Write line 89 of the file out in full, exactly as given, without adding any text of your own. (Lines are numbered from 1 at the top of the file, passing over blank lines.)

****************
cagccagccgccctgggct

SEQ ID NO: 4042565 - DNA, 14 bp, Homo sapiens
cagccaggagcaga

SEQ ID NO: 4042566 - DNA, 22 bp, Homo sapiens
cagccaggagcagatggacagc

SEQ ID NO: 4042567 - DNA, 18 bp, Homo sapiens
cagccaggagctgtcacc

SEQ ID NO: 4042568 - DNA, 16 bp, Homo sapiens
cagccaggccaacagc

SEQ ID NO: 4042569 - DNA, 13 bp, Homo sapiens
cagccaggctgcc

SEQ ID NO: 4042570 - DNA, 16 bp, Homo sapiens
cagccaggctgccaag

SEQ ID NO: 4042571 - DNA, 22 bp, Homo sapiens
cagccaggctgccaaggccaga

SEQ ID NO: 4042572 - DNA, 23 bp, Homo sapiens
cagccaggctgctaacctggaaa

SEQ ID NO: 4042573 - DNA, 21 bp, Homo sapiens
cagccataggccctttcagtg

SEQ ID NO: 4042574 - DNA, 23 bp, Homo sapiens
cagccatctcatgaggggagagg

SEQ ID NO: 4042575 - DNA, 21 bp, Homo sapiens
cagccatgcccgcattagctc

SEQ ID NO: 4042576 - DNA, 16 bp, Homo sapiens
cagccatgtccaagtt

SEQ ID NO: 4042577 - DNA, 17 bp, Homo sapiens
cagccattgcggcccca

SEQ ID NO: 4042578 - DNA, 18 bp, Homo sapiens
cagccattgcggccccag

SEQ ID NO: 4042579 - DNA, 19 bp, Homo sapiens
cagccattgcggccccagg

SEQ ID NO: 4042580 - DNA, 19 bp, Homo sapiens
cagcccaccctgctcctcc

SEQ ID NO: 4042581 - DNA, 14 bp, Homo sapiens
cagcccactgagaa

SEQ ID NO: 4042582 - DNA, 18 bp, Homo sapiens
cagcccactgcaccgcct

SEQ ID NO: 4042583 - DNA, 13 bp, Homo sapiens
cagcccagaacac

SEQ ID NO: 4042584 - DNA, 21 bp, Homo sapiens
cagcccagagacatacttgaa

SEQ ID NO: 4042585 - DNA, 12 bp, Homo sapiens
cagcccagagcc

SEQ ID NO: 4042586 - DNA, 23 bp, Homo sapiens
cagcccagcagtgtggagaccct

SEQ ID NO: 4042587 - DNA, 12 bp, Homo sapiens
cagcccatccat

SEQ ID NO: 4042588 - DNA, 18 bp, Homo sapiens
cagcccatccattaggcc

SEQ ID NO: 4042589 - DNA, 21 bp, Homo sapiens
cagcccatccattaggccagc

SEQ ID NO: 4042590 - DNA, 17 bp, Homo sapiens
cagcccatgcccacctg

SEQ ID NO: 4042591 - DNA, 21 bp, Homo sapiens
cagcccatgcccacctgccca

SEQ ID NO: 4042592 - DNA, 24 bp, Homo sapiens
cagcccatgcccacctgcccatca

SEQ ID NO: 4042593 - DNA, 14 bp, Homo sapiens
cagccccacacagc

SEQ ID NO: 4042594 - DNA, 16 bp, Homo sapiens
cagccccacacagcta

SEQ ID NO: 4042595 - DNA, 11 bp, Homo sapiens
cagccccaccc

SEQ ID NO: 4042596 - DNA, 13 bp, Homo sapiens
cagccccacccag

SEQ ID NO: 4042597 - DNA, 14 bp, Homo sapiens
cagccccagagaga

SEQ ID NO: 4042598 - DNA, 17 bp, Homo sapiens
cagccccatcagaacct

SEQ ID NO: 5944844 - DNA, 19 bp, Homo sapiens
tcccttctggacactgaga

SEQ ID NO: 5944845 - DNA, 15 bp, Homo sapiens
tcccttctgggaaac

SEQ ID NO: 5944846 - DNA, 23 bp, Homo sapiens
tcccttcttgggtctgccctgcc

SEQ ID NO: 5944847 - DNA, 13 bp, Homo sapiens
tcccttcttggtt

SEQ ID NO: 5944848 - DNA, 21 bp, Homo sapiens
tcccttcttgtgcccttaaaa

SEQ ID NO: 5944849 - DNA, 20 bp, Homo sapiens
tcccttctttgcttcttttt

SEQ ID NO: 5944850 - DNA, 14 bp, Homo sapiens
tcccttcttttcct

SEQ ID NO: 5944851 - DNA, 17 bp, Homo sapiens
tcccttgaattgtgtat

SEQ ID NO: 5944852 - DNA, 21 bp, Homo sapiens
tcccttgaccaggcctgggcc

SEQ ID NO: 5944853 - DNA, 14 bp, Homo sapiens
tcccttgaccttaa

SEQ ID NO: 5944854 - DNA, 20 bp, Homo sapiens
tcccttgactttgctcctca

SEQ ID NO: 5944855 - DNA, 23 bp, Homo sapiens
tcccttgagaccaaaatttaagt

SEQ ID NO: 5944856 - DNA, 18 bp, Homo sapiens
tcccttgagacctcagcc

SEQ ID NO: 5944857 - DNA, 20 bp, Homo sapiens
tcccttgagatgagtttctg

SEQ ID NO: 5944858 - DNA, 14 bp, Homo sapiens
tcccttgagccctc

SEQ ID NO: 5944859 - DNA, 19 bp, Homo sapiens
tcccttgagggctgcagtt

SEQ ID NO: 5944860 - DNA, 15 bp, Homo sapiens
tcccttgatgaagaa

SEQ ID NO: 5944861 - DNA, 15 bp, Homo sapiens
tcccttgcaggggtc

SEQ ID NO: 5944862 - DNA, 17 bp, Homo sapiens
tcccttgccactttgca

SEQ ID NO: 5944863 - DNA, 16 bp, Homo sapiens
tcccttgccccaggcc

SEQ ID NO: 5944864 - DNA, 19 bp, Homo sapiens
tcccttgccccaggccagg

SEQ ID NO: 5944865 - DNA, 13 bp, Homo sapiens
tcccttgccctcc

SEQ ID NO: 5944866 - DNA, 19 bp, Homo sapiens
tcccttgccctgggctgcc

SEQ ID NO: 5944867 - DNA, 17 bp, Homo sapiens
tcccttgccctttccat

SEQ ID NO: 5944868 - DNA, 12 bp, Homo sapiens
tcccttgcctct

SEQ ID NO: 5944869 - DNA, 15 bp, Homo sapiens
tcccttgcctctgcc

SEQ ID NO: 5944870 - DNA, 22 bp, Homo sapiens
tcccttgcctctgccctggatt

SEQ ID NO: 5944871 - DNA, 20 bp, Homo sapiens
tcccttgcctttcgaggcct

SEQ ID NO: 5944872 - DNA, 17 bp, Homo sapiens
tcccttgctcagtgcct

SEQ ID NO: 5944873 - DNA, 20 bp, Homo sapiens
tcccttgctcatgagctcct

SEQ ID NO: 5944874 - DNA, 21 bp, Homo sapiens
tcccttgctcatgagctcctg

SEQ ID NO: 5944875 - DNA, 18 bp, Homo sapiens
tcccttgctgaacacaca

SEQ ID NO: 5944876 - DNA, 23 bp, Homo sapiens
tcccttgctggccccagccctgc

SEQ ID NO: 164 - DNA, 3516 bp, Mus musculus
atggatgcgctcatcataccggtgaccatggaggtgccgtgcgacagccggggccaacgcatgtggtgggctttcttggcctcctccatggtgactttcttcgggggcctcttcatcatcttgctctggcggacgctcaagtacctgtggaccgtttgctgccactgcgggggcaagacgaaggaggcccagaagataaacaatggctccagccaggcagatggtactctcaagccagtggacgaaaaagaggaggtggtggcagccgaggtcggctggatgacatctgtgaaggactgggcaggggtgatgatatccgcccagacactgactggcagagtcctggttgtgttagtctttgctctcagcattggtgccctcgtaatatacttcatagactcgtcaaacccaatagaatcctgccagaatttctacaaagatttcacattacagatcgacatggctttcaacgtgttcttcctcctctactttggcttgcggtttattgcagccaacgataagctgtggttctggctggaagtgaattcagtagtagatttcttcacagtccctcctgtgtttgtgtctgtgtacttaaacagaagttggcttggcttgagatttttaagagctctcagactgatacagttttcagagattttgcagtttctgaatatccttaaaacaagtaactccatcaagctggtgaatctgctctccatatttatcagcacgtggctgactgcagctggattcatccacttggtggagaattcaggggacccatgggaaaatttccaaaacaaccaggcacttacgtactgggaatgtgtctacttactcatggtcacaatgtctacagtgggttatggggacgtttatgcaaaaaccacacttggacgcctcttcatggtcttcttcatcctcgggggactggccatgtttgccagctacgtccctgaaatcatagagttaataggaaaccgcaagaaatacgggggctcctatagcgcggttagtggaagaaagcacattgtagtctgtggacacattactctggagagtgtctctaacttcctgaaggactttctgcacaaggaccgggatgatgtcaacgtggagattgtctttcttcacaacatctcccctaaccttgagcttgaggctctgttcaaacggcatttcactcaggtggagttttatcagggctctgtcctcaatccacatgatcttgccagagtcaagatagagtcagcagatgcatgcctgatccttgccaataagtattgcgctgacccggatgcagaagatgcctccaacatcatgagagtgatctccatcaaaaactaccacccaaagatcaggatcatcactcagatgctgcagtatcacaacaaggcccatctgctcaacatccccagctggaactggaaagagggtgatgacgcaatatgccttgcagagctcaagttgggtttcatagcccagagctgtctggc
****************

tcccttgaccttaa